Rodney Johnson | Wednesday, August 21, 2013 >>
Recently, The Wall Street Journal published a story about the Ghibli Curse. Ghibli is a production house that creates anime, essentially Japanese cartoons.
The basic premise of the curse is that when a Ghibli anime movie is aired on a Friday night, the currency-trading session immediately following the movie results in a rising yen and falling dollar. This, in turn, leads to a falling Nikkei, the Japanese stock market index.
This sequence of events is magnified when the Friday showing of the Ghibli movie coincides with the release of a U.S. jobs report.
There’s only one problem.
This entire concept is idiotic.
People who follow such nonsense are confusing correlation with causation. Here’s another great example I recently read in a blog…
Americans eat more corn dogs when it’s hot out. The correlation of higher temperature and a greater consumption of corn dogs has been strong for many years.
To cement the relationship, it’s also true that when it’s cold out, Americans eat fewer corn dogs. This relationship has also been in existence for years.
Armed with this information, a person can factually say the movement of temperature and the consumption of corn dogs is positively correlated.
However, no one in their right mind would argue that temperature “causes” a person to eat a corn dog. There is no cooling principle to corn dogs, where they provide relief from the heat.
Everyone knows that what “causes” people to eat corn dogs is their availability at fairs and festivals, which happen more frequently in the summer. If festival attendance suddenly dropped or if fairs quit being held, then corn dog consumption would also drop, no matter what the temperature.
Conversely, if we experienced unseasonably cool summers, we would not expect a big change in corn dog consumption because we’d still have fairs and festivals.
In the end, there is a correlation between corn dogs and the outside temperature (they have moved together in the past), but there is no causality (these facts alone do not give you any insight into the future).
So what about the correlation between Ghibli and the currency trading?
As history would have it, eight out of the last nine times a Ghibli show coincided with the release of non-farm payrolls, the data were weak. Seven of those times there was a sell-off in the U.S. dollar, a rise in the yen, and then a drop in the Nikkei.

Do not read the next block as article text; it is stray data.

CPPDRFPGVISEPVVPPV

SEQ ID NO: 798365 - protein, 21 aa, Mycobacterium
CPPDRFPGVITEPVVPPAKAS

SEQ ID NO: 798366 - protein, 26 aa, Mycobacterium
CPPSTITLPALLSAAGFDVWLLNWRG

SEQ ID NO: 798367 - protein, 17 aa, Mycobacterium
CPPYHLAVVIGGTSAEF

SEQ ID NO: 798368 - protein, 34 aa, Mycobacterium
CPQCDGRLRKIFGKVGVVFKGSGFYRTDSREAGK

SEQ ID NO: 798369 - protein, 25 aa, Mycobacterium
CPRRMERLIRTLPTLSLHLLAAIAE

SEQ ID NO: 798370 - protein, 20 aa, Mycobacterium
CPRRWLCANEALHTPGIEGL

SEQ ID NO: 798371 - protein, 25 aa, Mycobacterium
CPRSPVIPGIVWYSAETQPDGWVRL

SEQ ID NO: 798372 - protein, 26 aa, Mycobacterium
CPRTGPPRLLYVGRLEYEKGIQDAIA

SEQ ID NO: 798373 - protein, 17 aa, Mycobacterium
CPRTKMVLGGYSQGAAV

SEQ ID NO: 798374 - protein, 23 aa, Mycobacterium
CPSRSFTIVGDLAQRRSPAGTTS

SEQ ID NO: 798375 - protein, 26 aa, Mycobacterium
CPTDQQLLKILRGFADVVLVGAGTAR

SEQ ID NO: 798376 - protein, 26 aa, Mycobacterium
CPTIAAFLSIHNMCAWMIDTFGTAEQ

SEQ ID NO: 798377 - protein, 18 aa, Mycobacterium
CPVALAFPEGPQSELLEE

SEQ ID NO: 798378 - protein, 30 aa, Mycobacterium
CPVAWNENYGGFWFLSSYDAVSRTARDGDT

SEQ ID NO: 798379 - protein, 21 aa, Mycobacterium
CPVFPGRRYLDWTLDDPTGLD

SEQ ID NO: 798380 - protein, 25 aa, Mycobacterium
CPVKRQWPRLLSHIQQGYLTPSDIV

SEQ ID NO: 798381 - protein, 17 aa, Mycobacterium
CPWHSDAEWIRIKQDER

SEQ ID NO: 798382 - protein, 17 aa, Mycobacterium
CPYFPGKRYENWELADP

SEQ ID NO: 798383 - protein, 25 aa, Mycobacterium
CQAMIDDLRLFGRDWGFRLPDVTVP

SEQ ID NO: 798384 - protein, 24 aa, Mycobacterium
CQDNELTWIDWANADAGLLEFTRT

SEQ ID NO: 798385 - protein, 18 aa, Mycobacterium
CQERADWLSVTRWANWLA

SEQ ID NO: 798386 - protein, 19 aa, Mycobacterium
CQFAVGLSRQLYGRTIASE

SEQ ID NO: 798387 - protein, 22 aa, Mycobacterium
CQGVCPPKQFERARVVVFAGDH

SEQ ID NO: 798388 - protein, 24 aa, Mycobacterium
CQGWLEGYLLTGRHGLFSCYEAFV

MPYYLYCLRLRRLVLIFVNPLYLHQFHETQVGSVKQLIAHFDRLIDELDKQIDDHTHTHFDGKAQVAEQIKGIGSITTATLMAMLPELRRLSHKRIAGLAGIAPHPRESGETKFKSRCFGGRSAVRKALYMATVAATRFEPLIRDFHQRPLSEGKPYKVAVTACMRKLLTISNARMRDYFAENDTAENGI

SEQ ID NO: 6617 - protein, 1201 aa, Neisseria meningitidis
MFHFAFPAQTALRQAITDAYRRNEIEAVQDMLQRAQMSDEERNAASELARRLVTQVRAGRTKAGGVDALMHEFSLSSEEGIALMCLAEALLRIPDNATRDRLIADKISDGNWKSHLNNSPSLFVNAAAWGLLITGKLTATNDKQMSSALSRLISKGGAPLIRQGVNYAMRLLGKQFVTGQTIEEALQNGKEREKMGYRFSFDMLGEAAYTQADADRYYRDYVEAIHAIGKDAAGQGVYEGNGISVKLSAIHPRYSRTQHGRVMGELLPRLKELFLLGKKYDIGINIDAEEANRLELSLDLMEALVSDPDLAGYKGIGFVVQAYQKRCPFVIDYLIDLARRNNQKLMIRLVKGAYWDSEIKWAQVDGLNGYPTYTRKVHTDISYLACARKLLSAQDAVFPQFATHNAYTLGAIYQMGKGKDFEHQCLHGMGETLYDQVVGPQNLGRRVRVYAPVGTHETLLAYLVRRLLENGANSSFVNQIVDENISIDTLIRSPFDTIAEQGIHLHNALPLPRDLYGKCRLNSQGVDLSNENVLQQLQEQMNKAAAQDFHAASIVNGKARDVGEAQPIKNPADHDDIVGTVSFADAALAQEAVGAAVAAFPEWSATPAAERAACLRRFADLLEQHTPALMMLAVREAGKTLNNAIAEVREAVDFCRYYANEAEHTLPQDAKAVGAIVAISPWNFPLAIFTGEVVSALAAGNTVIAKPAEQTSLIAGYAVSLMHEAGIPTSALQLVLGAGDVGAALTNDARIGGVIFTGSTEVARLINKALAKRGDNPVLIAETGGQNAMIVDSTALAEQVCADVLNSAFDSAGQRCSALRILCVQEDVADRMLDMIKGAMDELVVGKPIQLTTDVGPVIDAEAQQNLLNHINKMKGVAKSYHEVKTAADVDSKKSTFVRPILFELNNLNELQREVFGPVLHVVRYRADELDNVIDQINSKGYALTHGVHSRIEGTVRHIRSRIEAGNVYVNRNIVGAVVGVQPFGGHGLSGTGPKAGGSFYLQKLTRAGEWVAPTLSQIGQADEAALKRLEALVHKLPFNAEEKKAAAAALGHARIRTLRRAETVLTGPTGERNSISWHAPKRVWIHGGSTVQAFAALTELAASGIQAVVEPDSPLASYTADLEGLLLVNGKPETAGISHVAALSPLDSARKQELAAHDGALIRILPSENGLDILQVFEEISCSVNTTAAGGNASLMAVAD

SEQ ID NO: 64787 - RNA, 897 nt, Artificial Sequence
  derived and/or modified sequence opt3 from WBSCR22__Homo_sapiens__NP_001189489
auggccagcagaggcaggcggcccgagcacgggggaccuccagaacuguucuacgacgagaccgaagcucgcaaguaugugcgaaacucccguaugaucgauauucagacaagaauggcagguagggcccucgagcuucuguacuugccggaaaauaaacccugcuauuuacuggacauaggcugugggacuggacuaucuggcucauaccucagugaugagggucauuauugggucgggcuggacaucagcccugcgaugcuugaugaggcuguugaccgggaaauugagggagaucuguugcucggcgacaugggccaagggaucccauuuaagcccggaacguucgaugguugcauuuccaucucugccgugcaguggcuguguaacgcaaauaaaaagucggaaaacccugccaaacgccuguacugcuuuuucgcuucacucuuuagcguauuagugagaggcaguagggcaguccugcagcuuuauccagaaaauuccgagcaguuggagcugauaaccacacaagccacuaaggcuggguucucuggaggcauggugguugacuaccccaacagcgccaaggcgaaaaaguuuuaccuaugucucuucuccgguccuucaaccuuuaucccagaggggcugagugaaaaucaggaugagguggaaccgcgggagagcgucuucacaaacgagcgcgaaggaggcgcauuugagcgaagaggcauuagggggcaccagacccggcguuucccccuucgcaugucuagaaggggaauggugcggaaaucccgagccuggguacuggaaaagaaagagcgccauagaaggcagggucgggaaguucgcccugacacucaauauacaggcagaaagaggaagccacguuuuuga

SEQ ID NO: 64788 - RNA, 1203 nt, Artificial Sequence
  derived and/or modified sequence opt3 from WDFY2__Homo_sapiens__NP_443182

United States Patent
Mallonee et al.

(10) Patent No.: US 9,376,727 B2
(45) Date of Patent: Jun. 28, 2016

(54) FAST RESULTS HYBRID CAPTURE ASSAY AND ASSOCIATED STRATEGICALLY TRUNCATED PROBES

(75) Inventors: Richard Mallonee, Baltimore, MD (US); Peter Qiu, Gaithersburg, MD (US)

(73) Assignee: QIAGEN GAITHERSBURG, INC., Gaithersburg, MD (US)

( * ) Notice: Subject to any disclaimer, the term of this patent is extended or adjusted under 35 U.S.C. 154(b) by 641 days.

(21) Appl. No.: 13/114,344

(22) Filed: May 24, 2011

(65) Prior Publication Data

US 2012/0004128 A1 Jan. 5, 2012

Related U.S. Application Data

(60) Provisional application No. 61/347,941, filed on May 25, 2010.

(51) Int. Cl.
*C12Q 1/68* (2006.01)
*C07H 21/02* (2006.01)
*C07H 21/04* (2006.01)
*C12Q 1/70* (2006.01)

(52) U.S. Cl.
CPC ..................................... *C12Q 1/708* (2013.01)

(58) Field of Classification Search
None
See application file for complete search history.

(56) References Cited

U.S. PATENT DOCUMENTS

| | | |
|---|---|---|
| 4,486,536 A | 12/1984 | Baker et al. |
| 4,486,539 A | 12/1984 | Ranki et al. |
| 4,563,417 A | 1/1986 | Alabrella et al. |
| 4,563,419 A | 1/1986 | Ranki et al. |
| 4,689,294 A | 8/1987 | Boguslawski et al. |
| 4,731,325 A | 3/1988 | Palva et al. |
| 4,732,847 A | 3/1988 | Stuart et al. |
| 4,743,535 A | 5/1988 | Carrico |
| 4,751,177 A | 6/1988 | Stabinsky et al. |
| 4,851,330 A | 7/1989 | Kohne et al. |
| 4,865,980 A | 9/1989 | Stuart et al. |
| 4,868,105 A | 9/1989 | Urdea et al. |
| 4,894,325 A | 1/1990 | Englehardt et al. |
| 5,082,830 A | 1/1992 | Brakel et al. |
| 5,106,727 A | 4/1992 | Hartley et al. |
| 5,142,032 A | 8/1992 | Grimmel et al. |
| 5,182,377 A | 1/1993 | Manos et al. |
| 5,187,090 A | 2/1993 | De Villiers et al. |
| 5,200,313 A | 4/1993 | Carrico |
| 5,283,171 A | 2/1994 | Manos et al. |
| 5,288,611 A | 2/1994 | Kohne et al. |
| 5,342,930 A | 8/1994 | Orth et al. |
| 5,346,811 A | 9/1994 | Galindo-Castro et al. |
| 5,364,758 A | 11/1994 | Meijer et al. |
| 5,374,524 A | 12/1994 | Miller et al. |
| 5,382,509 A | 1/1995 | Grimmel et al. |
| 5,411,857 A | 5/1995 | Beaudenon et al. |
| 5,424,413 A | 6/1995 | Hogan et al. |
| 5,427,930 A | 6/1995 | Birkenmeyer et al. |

When two things occur together seven out of nine times, it sure looks like a pattern. And therein lies the deception…
As human beings, we’re hardwired to recognize patterns because it helps us make sense of the world. I know that the correlation of these two data sets truly exists. I also know there is not one speck of causality in this relationship. What could it be?
Do statisticians at the Bureau of Labor Statistics (BLS) watch the schedule for Ghibli movies in Japan and “guesstimate” lower figures to coincide with certain broadcasts?
Do analysts who watch non-farm payrolls get really excited about upcoming Ghibli presentations and therefore make overly optimistic jobs forecasts, which lead to disappointment?
Of course not.
All this is stupid. Unfortunately, being stupid doesn’t preclude it from being seized upon by market participants.
This is where people have to pay attention. I don’t think many Americans are actually watching Ghibli presentations AND basing trades on them. But I do think people look for patterns where they don’t exist and clearly attribute causality when what they see is simply correlation.
Whenever you hear the notion that “each time X happens, then Y occurs,” ask yourself: “Is this just correlation, or is there truly a basis for causality?” If you can’t come up with a logical, well-reasoned explanation for causality, then don’t gamble your hard-earned money on the correlation continuing in the future.
That’s not to say the two things won’t continue to move together. It means that betting on it is nothing more than a roll of the dice. You just don’t know what will happen.
Ahead of the Curve with Adam O’Dell
I’ve written about the correlation (or lack thereof) between individual stocks many times.